It is important to acknowledge that the spatial analysis presented herein is a relatively broad-brush approach and that any benefits or burdens identified for a region do not mean this will definitely occur should those EFAs be implemented on any farm within the region. Specific benefits and burdens will depend on the details of their implementation on each farm within each region, e.g. buffer strips being located in the right places to be most effective in a catchment. The analysis presented herein does account for this to some extent by presenting the worst and best case scenarios (which account for unspecified parameters), but it is likely there will be greater variability.

In relation to the last point, it is also important to acknowledge that no account is taken of the performance of an EFA in a region in relation to a baseline. The analysis is simply highlighting the potential benefits and burdens should the EFA be implemented on 5% of the arable land within the region. The EFA policy only requires that an area of the farm that is equivalent to 5% of arable land area is declared as EFA. This may not necessarily require the creation of new EFAs, as EFAs covering 5% may already exist. The baseline situation could be accounted for within the spatial analysis by adjusting the area weighting using data on existing EFA declaration or using data such as the distribution of semi-natural vegetation in agricultural land (as done by Angileri et al. 2017). However, in this instance, the study is examining potential future vulnerabilities and the need to increase capacity within a region to cope with climate change. Therefore, the results presented herein should be interpreted as a need to increase certain EFAs in order gain the benefits (or avoiding certain EFAs to decrease burdens).

It is also important to reiterate that the indicator framework used (Tzilivakis et al. 2016), and thus the analysis presented, is one that identifies the relative performance of an EFA and does not quantify actual benefits or burdens for ecosystem services. Quantification of ecosystem services requires more sophisticated techniques, many of which do not exist for such broad-scale analyses (Baveye 2017; Maes et al. 2016). Efforts are being made to develop such techniques, such as those that have emerged from the Quantification of Ecological Services for Sustainable Agriculture project (QuESSA 2017). Some of these have been incorporated into the latest version of the EFA calculator, but these are only available for a limited number of ecosystem services, including pollination, pest control, soil erosion, carbon and aesthetics. As such techniques evolve and develop, a similar analysis to the one presented herein could be undertaken using these techniques, and could liberate additional information that could aid decision making and the selection and implementation of EFAs that maximise benefits and minimise burdens for ecosystem services under current and future climatic scenarios.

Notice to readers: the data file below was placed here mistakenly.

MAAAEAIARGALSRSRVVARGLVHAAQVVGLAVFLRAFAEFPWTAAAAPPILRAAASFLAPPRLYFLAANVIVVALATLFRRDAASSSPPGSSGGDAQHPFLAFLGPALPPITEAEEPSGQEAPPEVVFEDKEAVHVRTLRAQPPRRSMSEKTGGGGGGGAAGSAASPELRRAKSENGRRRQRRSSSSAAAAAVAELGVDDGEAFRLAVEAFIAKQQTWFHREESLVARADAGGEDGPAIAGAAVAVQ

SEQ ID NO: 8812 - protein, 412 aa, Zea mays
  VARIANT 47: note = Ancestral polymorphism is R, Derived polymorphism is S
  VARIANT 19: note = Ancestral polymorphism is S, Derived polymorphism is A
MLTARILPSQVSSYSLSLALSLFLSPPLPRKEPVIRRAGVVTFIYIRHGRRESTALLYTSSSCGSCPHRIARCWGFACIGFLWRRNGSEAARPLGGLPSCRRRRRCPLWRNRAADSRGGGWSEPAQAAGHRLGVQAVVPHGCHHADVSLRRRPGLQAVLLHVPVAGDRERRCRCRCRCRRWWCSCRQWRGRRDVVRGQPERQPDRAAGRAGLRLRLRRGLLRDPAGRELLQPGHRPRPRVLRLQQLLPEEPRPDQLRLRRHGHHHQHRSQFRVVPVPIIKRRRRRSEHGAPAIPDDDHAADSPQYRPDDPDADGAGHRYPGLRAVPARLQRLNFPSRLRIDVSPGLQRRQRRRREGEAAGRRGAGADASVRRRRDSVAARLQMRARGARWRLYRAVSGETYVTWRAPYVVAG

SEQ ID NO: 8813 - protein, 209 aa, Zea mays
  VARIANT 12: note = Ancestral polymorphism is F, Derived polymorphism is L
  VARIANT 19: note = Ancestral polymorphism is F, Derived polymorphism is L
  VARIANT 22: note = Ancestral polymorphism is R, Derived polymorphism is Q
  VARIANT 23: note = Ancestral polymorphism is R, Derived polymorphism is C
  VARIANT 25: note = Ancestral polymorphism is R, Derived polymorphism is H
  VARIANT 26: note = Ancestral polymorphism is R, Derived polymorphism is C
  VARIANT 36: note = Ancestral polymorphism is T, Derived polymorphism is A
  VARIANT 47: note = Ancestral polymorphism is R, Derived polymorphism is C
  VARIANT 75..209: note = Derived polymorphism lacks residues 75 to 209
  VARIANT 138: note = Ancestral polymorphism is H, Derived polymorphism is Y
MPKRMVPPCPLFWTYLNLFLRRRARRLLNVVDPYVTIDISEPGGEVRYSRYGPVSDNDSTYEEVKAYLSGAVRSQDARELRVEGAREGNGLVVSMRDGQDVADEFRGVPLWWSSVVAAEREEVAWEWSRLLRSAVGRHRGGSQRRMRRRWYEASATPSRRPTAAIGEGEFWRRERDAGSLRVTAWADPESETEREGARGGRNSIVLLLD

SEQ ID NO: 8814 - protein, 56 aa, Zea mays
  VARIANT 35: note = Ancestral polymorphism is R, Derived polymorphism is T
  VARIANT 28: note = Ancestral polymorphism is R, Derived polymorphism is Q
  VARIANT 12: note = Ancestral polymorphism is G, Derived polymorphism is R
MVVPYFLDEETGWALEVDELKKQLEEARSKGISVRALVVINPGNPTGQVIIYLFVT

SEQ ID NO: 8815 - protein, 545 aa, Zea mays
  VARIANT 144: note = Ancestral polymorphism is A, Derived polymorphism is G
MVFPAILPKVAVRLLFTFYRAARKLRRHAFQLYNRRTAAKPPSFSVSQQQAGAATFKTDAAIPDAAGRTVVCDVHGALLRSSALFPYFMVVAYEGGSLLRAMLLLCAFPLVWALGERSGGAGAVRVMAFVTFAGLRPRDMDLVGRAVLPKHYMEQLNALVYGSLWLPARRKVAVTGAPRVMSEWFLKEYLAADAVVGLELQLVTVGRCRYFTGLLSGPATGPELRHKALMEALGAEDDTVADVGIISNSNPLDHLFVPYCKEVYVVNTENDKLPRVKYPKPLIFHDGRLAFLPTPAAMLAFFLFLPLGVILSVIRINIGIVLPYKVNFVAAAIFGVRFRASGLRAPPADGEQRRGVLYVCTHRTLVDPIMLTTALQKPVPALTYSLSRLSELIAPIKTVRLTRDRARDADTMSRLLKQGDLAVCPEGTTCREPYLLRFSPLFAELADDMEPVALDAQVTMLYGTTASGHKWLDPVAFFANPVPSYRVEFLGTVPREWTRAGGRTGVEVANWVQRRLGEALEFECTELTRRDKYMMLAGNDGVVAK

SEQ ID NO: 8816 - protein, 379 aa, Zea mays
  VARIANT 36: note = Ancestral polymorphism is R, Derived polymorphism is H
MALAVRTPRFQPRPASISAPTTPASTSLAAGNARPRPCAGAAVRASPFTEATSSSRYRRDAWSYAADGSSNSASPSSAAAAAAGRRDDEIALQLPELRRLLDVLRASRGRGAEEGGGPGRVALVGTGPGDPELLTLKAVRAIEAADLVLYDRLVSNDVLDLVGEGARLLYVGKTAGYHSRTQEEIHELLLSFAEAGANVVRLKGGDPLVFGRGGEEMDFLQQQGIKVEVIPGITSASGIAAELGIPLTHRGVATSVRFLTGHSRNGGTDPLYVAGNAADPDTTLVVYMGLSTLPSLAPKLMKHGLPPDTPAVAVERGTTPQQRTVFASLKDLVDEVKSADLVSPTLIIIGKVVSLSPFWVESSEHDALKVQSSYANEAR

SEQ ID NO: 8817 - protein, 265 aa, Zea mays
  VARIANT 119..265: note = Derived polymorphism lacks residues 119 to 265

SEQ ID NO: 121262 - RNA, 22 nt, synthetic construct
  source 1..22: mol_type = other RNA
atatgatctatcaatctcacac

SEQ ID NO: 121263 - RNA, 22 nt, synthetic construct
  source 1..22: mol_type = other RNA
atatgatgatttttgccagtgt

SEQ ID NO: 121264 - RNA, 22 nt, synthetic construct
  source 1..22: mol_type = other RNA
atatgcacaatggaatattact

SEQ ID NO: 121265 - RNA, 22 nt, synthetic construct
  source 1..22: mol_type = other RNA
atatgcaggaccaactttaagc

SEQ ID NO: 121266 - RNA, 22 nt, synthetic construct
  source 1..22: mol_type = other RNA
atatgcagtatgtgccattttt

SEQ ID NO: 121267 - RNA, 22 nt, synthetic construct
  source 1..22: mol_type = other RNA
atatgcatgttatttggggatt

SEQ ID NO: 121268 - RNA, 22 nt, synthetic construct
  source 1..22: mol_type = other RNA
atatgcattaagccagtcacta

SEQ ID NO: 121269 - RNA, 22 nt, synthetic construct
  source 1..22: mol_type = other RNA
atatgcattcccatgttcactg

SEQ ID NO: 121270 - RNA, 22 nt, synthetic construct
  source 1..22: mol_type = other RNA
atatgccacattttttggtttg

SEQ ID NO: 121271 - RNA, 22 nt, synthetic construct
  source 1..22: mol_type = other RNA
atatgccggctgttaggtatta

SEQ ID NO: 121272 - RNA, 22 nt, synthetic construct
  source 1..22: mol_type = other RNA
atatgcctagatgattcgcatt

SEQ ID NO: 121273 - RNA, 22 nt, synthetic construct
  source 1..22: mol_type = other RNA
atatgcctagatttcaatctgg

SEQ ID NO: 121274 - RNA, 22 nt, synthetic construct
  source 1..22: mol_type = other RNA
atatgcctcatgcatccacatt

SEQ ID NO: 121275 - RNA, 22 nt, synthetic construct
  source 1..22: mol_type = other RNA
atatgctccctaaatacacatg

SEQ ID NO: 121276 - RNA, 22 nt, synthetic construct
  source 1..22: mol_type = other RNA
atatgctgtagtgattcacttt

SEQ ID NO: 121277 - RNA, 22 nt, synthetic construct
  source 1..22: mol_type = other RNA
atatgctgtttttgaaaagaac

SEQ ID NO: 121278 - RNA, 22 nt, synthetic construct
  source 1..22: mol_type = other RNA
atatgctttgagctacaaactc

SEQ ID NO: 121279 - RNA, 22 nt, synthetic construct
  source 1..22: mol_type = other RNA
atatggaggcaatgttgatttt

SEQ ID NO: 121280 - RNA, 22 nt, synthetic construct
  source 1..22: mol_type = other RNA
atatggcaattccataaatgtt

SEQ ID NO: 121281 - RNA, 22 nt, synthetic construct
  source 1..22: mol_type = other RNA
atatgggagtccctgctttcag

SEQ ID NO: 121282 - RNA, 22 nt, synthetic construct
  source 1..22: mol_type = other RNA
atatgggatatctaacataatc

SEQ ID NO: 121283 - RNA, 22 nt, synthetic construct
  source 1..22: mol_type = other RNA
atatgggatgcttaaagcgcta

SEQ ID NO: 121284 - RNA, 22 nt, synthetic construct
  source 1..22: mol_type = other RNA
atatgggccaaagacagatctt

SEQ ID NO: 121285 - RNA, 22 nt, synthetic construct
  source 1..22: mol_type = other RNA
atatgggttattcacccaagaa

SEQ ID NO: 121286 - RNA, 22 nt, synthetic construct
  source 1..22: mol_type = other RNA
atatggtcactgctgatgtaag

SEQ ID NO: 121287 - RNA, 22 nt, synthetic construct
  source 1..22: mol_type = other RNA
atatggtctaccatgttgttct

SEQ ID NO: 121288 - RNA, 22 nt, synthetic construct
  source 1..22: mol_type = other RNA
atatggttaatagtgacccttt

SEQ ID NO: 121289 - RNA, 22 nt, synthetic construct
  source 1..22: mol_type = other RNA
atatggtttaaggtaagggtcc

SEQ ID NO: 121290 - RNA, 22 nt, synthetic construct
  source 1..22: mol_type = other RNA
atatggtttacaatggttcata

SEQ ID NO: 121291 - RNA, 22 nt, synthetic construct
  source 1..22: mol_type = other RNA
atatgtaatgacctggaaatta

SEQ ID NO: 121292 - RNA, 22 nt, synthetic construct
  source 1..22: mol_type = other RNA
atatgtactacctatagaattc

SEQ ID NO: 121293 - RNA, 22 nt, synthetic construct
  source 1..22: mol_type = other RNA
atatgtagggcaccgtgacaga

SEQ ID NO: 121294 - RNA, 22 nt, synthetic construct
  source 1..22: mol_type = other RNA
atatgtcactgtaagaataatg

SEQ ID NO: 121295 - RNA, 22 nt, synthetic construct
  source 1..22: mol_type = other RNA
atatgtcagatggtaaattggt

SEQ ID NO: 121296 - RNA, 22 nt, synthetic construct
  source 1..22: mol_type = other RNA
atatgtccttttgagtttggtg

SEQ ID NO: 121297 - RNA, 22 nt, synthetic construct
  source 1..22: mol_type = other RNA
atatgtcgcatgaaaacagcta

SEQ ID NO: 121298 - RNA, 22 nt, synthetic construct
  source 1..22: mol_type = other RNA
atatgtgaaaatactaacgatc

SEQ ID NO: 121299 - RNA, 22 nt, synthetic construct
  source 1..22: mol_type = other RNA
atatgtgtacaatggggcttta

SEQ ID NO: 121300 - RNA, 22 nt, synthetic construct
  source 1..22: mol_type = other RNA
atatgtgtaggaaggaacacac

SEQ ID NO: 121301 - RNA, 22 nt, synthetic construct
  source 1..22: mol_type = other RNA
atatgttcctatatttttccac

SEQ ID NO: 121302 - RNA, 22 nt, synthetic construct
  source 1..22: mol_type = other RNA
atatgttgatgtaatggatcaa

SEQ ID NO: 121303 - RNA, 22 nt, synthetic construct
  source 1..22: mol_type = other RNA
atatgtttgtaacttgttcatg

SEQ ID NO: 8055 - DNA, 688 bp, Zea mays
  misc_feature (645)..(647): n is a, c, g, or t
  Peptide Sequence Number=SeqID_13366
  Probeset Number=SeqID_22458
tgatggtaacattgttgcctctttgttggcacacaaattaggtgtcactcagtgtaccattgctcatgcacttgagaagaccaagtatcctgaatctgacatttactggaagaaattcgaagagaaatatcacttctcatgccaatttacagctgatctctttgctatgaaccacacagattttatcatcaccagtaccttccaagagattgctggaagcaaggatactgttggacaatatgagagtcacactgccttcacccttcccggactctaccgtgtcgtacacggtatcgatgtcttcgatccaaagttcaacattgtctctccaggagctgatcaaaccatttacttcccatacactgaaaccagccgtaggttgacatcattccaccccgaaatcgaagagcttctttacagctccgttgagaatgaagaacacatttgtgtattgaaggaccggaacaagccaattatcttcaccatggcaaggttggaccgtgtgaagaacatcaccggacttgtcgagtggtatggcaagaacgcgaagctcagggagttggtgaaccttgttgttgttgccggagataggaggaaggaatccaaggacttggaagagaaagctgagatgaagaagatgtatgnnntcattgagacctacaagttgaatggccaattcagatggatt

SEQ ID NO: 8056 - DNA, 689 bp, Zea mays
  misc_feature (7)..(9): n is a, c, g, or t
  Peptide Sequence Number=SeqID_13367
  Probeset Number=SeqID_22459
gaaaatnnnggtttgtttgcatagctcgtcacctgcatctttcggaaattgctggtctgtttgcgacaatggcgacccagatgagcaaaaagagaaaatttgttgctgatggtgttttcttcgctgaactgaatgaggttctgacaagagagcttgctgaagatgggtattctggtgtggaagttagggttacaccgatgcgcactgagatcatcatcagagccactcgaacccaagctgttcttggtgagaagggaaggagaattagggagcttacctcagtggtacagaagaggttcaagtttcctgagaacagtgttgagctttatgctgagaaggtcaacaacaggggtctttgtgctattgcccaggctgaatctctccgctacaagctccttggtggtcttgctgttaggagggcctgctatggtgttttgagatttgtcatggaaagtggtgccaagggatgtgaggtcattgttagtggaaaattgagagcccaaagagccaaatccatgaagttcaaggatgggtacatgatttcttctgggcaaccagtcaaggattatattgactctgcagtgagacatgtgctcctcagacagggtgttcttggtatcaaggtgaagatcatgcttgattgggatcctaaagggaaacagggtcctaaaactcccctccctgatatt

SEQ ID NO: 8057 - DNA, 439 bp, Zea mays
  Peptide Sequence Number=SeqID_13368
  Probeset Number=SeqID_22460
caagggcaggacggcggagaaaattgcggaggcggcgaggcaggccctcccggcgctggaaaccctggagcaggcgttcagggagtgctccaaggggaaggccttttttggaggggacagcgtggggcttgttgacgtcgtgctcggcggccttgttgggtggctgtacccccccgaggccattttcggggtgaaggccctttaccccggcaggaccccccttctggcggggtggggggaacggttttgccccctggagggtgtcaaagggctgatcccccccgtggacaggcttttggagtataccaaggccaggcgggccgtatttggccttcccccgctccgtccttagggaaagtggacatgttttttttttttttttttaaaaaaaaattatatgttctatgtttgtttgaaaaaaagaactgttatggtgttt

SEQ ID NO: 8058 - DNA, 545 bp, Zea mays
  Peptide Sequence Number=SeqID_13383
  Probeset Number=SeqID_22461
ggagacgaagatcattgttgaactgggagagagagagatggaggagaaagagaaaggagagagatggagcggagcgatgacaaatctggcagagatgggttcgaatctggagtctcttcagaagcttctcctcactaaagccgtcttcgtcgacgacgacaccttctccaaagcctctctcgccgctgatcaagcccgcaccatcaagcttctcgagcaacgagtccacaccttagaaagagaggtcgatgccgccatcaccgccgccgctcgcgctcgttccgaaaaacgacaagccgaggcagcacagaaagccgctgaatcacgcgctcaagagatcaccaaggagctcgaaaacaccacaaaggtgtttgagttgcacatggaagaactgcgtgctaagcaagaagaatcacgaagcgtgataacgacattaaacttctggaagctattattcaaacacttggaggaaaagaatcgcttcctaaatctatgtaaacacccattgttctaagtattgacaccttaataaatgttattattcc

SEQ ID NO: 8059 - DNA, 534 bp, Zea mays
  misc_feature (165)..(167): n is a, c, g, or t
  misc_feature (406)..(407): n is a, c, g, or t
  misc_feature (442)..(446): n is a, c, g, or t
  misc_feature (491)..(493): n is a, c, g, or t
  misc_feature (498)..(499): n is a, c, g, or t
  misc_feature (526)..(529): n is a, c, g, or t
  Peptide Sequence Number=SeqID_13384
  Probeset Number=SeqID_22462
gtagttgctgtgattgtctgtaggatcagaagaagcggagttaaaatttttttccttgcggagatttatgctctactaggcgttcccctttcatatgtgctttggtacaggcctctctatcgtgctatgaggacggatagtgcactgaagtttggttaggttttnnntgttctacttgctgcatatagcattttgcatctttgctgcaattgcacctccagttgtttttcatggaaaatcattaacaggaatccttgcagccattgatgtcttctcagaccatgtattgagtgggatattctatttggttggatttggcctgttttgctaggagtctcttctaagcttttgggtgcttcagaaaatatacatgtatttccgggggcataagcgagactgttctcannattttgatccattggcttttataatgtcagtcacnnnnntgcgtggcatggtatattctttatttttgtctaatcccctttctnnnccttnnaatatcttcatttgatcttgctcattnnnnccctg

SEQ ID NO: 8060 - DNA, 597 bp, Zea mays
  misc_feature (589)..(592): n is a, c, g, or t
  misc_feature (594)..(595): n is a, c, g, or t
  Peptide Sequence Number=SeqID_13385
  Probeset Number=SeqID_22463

This study has explored the potential benefits and burdens of EFAs on water-related ecosystem services vulnerable to climate change. It is important to remember that the EFAs examined in this study (and those not examined) also have other benefits and burdens which will influence decisions with regard to their promotion (via policy) and uptake on the ground. There can be numerous effects and impacts to consider, for example climate regulation (greenhouse gas emissions, including above and below ground carbon), soil erosion, pollination, pest control, aesthetic and other cultural services and biodiversity. Some of these could be explored using the spatial analysis presented herein, but many will depend on more localised variables and management factors for which georeferenced spatial data do not exist. Should this data for these factors become available, then these could be analysed in the same way, extending the assessment to include more ecosystem services and EFAs, and thus providing a more holistic perspective.